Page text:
Re: Percussive dance sensors - request for any information

Mark Coniglio (
Tue, 1 Jun 1999 16:51:18 -0400

>My ideal would be to develop a complete instrument - a floor based
>'drum-pad' large enough to be divided into zones much as the steel-pan drums
>used in steel-bands.

What you need is an Alesis D4 (available for about $200 on the net) which
is a MIDI Drum machine that has the added feature of 12 inputs to which
MIDI Drum Pads can be connected. The sensors are simple piezo disks, which
can be bought at Radio Shack or an electronics supply store for $1-$2
each.I can look up a part number if you need it. Connect the leads to a
1/4" phone plug, plug it into the D4, and voila: your own drum pad. Of
course, it is a little more complicated than that because the piezo's are
brittle -- you will need to cover them with something.

>Particular questions:
>a) Has anyone done this already? They appeared to use a sequence of five(?)
>mats in 'Tap Dogs', each one triggering a single drum sample, leads for
>further info?

We have used this technology in one of the pieces I created for our company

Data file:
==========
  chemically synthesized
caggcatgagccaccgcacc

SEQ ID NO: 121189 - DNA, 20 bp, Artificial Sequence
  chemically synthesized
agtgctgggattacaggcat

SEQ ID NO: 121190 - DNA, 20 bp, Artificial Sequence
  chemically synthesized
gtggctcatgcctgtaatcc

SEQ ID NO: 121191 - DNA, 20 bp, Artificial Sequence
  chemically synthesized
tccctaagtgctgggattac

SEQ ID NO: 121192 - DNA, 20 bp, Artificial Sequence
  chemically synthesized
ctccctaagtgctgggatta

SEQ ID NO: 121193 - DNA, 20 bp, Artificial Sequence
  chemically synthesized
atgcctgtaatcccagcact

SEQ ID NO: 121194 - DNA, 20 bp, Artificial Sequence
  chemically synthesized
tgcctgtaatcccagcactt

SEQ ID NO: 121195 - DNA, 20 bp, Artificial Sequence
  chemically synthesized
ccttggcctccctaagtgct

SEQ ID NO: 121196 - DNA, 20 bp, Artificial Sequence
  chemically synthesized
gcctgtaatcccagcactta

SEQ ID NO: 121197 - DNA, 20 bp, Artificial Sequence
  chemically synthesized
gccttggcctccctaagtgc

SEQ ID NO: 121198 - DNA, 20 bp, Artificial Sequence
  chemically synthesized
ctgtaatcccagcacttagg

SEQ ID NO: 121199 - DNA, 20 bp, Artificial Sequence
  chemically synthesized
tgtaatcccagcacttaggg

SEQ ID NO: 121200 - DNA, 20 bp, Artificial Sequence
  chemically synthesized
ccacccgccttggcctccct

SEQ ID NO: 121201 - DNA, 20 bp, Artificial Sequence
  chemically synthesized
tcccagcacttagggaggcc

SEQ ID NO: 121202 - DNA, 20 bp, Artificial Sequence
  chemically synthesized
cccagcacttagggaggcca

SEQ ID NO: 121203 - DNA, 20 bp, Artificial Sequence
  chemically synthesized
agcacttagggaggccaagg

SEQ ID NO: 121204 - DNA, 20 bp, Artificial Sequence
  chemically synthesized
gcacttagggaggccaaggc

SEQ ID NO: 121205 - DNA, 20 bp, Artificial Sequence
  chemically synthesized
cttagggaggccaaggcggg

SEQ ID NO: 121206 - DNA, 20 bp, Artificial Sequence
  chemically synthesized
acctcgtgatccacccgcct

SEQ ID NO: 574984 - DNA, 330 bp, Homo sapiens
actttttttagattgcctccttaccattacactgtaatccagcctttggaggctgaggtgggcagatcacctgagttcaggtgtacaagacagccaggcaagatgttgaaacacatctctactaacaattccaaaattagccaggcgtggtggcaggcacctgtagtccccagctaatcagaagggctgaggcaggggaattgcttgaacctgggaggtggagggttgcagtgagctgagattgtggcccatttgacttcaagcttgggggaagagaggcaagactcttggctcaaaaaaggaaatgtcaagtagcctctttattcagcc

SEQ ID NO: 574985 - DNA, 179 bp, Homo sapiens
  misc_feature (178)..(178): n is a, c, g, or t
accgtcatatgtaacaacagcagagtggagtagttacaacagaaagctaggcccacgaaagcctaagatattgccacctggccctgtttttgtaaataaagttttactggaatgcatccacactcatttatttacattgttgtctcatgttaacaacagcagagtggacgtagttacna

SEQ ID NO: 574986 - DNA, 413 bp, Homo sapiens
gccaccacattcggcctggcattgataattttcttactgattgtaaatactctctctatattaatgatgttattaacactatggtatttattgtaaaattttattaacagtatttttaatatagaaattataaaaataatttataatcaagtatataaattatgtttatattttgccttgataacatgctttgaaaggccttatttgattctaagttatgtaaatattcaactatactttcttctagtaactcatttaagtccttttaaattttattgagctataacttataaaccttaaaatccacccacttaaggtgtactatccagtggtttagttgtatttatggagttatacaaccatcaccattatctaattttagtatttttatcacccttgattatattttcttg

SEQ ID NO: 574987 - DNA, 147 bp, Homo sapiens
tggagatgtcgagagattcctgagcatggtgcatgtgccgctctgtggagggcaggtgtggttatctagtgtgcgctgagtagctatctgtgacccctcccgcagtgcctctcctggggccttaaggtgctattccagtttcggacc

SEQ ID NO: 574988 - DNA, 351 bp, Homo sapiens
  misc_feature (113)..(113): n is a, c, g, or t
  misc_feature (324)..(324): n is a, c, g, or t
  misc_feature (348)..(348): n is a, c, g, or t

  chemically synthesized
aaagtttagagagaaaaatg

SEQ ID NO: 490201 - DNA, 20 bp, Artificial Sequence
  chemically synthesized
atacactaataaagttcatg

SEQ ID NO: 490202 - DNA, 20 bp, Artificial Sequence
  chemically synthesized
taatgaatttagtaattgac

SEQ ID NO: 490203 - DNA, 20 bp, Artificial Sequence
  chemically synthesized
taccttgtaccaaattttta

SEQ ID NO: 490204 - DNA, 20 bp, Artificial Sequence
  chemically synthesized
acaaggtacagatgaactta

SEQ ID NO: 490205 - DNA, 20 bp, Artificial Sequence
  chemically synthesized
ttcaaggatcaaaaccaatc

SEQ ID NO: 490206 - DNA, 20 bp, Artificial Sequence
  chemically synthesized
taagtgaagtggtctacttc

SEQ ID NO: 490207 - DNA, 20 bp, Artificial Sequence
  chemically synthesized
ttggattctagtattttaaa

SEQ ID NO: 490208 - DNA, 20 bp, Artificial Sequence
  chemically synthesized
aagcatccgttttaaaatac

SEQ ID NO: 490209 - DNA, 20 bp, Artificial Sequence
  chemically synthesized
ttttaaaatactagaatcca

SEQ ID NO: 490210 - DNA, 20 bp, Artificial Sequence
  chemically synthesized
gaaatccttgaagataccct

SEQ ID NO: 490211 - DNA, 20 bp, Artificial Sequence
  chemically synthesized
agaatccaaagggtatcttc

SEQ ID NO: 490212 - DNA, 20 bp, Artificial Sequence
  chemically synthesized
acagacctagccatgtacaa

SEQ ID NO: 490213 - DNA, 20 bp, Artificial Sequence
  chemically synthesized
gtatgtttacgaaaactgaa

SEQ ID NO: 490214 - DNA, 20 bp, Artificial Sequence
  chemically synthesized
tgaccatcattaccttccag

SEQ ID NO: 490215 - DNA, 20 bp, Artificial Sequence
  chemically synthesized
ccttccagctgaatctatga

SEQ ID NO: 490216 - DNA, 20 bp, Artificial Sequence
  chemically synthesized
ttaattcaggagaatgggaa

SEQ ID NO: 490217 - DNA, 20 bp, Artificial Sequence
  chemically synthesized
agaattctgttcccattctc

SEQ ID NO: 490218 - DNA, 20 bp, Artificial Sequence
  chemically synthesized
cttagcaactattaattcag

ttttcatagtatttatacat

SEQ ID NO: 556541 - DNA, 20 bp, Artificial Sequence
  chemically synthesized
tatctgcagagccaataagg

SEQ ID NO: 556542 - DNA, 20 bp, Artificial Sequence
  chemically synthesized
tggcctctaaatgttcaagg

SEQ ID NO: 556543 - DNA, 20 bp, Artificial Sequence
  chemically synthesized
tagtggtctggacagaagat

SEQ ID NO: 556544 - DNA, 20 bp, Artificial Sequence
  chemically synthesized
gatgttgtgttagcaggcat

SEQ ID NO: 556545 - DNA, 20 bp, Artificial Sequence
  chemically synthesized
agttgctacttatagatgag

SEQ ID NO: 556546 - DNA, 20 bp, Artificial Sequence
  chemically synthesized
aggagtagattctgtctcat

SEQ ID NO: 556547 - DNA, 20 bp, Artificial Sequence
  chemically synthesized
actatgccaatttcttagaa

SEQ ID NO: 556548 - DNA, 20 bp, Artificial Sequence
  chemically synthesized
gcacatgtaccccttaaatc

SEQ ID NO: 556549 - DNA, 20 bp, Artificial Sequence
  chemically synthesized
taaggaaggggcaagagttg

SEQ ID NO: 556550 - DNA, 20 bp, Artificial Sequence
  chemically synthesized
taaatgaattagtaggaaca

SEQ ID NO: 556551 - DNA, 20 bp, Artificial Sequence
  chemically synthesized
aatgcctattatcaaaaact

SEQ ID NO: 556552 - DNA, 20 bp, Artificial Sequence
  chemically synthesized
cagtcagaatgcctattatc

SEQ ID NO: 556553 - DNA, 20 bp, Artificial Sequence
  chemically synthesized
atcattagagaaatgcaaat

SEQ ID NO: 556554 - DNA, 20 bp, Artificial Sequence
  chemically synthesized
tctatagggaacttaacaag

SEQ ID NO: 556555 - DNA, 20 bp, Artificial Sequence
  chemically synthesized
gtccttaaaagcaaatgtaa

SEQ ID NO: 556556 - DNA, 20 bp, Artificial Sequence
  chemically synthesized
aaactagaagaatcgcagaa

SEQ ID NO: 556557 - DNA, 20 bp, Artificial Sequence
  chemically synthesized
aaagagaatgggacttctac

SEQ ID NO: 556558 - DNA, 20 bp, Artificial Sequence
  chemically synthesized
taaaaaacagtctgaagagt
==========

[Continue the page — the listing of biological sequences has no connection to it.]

Troika Ranch. There are two set pieces, each with two sensors each. When
the dancers move about on these set pieces, video and audio events are
triggered. The bit from Tap Dogs was almost certainly done the way I have
described above.

>b) There was a sequence at the end of the film 'Tap' starring Gregory Hinds
>where the sensors were built into the shoes and the sound was then altered
>at a sound-desk. Unfortunately, I believe this was just the magic of
>cinema, does anyone know?

The shoes were designed by Alfred Desio. He calls them Zapped Taps. Search
the web and I'm sure you find a site with his info.

>c) I've been told that the sensors in drum pads are binary (ie off or on
>when a certain threshold is reached), is this true? My problem is that
>percussive dance isn't this discrete...a limited number of levels would be
>fine but just on/off would be very limiting.

The system described above is velocity sensitive: the harder you hit the
pad, the higher the MIDI Note On velocity will be. Thus, harder strikes can
be used to produce louder notes, or differing timbres.

>d) Finally I've heard of an impact-sensitive peripheral for the Sony
>Playstation previewed at a Japanese trade-show for the home version of the
>Japanese arcade hit bust-a-move (basically follow the on-screen disco moves
>with your feet). Any more info?

No idea abou that!

Hopefully this all helps. Good Luck.

Mark Coniglio

Mark Coniglio, Artistic Co-Director |
Troika Ranch Dance Theater |